Sunday, March 28, 2010

MVP of the 2010 NCAA Men’s Basketball tournament goes to…

Gus Johnson has always had a huge following.  He always gets love from big time sports media personalities like Bill Simmons and Dan Patrick for his over-the-top hysterics when calling games.  For some, though, his screaming during games, like his call during the classic UCLA-Gonzaga game from 2006, is just too much. 

As much as I enjoyed watching him do play-by-play on games and as classic as that UCLA-Gonzaga call is, I always pondered in the back of my mind whether or not his screaming was really necessary and I wondered if he was actually a good announcer or if being loud was just kind of a gimmick that made him stand out amongst a sea of old boring white guys doing play-by-play.

I don’t wonder about that anymore.

His work during this year’s March Madness tournament has been outstanding.  As an announcer, he probably hasn’t changed at all, but I just think he’s been perfect in the games he has called.  Thursday’s Sweet Sixteen matchup between Xavier and Kansas St. was an epic game, the kind of game that reminds me why I bother watching sports in the first place.  And Gus just has a way of rising to the occasion in a way that no other play-by-play man can.

There’s a fine line between a media personality enhancing a sports presentation and making that presentation more about himself than the game that should be the focus.  It’s a line that Gus has always tip-toed along dangerously but somehow he usually ends up on the right side whether it’s college basketball, NFL games or MMA. I think what matters most is that his call made me just a little more invested in the game and the drama than if anyone else had called it.




For good measure, here’s that “OH GOD!” call from Week 2 of this past NFL season when Brandon Stokley of the Broncos reminds everyone why people practice the tip drill. 

Saturday, March 20, 2010

Roger Ebert, National Treasure


Before the dawn of the internet, when a movie review was a few clicks away on Rotten Tomatoes, there was Siskel and Ebert at the Movies.  The syndicated television show sometimes devolved into the film equivalent of ESPN’s Around the Horn (otherwise known as “Sports Shouting”) but the undeniable chemistry of its two hosts and the program’s thoughtful discussion on film was an irresistible combination, especially on a Saturday afternoon for a kid who didn’t have anything better to do or friends to play with.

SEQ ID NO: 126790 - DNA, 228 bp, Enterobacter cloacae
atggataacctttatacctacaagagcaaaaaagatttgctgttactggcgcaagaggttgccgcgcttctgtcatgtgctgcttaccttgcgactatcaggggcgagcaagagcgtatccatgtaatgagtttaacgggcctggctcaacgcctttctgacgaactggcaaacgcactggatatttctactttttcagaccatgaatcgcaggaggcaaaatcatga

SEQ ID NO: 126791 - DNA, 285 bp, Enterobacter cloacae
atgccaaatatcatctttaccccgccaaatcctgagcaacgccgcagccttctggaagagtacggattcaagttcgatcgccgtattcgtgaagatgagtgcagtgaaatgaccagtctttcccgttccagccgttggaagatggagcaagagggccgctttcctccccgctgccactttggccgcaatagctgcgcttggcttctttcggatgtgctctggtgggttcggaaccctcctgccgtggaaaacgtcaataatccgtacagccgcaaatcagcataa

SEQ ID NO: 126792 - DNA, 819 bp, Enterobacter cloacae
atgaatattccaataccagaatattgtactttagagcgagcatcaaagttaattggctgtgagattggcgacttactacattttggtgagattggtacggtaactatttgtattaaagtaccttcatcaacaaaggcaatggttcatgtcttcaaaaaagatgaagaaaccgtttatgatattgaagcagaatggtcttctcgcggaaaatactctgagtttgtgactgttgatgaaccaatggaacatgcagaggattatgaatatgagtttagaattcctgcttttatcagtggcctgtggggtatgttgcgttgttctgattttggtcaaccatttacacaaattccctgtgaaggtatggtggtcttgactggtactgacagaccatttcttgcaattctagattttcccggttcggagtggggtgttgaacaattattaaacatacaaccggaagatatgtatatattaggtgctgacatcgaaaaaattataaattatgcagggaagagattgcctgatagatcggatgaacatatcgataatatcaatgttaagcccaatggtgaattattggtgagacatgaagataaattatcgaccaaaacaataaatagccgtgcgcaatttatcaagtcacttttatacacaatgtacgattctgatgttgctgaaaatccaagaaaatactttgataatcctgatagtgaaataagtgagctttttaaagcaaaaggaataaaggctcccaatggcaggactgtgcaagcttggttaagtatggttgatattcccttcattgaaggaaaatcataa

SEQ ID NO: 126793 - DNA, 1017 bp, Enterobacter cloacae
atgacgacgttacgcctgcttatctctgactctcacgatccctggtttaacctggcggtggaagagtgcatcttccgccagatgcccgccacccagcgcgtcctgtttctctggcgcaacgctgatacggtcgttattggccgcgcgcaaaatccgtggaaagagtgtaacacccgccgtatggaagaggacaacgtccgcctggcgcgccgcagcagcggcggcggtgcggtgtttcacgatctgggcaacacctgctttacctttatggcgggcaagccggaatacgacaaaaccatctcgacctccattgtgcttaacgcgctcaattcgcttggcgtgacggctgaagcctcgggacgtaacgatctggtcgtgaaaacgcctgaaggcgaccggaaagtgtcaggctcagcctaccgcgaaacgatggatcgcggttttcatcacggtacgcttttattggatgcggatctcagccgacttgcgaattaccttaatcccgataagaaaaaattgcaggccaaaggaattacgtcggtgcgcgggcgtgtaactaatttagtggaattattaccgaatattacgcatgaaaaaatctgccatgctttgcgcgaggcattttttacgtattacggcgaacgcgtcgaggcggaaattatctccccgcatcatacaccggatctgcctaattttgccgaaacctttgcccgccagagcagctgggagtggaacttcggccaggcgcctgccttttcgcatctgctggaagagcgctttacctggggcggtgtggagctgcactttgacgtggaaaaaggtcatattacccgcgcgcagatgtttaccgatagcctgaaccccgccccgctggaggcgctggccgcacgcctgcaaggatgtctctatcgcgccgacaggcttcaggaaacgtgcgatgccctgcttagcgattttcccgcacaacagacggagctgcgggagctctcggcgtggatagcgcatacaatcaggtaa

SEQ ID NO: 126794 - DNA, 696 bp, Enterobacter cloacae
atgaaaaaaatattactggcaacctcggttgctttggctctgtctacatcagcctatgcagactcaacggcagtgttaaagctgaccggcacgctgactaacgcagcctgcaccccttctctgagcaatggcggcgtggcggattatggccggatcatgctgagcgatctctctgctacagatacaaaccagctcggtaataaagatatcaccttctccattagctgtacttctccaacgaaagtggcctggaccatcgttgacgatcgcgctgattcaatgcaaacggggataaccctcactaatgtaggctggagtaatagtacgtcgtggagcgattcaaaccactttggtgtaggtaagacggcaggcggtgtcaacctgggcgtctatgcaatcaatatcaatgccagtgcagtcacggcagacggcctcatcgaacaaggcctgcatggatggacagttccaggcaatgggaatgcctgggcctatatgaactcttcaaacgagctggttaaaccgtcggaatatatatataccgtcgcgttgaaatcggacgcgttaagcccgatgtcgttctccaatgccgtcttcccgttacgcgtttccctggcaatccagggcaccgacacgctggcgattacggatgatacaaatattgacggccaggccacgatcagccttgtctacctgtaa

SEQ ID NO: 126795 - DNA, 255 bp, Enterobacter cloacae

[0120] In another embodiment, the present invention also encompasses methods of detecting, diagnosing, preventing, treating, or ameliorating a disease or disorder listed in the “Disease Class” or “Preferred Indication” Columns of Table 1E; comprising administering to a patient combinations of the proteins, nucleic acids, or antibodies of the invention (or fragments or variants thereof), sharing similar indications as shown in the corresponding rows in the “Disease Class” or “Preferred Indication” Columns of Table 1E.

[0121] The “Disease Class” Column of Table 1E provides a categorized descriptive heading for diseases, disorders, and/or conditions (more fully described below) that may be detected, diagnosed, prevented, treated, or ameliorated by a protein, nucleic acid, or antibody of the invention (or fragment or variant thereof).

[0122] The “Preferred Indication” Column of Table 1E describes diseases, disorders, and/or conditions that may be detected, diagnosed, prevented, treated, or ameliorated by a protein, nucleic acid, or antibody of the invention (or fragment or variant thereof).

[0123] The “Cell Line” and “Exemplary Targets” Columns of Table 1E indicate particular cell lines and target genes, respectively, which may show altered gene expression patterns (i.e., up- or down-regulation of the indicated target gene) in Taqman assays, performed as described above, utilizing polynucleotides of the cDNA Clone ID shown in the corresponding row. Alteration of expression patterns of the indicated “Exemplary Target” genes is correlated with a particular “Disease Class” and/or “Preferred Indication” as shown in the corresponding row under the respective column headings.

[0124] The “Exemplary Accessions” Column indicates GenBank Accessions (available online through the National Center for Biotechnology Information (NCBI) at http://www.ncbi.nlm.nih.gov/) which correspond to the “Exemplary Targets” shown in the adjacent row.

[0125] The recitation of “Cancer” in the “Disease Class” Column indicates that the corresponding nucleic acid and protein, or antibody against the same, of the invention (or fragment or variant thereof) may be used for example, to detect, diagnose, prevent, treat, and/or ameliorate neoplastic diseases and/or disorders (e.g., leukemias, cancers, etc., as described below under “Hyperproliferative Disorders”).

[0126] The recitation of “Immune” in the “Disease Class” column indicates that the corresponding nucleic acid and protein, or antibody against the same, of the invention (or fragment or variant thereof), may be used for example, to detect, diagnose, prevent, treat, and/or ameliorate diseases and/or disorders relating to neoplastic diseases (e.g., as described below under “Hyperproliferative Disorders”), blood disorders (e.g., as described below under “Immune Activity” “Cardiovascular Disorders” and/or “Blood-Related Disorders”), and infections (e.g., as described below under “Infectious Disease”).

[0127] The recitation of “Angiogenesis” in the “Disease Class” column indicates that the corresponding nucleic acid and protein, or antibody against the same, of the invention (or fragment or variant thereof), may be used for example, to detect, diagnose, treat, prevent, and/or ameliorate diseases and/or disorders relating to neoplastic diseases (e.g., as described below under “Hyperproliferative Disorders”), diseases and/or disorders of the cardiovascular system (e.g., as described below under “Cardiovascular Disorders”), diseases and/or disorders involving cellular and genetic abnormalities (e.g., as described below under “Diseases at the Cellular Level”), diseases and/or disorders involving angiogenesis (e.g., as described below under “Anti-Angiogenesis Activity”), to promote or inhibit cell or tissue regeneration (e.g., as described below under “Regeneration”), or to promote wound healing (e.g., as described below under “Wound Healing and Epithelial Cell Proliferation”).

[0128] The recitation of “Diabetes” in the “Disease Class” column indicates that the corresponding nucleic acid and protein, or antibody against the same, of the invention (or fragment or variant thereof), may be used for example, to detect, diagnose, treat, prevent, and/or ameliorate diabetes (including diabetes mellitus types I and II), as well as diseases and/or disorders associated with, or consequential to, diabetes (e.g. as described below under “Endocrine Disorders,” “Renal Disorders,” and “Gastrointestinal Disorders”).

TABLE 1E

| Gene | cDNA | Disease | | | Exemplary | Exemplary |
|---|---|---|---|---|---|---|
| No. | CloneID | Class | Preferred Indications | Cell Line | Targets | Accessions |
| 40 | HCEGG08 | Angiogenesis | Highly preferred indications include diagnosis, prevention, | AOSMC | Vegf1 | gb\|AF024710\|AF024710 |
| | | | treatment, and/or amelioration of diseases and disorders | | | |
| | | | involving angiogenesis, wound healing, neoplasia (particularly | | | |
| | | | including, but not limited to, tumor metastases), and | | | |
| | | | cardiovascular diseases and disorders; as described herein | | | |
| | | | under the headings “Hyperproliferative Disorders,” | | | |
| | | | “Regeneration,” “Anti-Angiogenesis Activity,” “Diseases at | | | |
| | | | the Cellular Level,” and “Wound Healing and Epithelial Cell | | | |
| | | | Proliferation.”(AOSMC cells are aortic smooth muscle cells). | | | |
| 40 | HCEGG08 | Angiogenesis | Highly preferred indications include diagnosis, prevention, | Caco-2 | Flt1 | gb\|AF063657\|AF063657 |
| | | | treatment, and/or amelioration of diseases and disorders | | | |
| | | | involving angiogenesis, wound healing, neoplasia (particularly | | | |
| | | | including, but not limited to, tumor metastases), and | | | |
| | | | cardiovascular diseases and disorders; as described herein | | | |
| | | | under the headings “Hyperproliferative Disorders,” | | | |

In 1999, Gene Siskel would succumb to brain cancer and three years later, his chubby counterpart, Roger Ebert, would undergo the first of numerous surgeries to treat thyroid cancer.  By mid-2006, most of Ebert’s lower jaw had been removed and with it, his ability to speak or eat.

In the following years and continuing through today and hopefully days to come, Roger Ebert resorted to the skill that brought him fame on TV in the first place. 

He wrote. 

Not just about movies, Ebert dove head first into a wide range of subjects: food, politics, his weaknesses, his fondest memories, his personal reflections, he wrote about the things that made him human, a remarkable human being at that.  His Twitter account and his blog have been something to marvel at in the last several years.

I didn’t always agree with his movies reviews, but I appreciated his thoughtful input on why he felt a certain away about a film.  I cringed sometimes at the hootin and hollerin’ that would take place on his TV show, but I appreciated the passion that Ebert and his friend, Siskel, had for cinema.

It wasn’t until a brush with death that Roger Ebert took his writing to another level, in my opinion, by delving into topics beyond the subject with which he was most associated with.  Those familiar with his work before he became a TV star would argue that this is what he had been doing all along, but for those who only knew him as a television personality like me, it was something of a revelation.

If it took a courageous battle with cancer to get him where he is at now, then I am happy that he made it through that journey and that he has been able to share with us the kind of work that he has published online in the last couple years.

I hope that it won’t take a life-threatening illness for me to reach out to others or to touch the lives of people who I don’t even know.  We had a relatively small readership on this blog but it reached further than I ever expected it to.  The coolest kids in the room have all found better spots to  hang out at lately, but for the time being, this remains where I’ll want to publish writing that I’d like others to read. 

As much as I love Ebert and enjoy his writing, he isn’t perfect in my mind and neither am I.  I’m thankful to you guys who posted while I didn’t do shit for this blog and I’m thankful to those of you continuously pleaded for more posts.

What I know is this: if I couldn’t eat, if I couldn’t talk, I’d be here.  I’d be writing.  I’ll either continue to look stupid, or if I’m lucky enough, I’ll be able to put up the kind of work that Ebert and so many other talented writers have published over the years.

[Ebert's Twitter]
[Ebert's blog]

[The Esquire article that intimately portrayed him better than I ever could]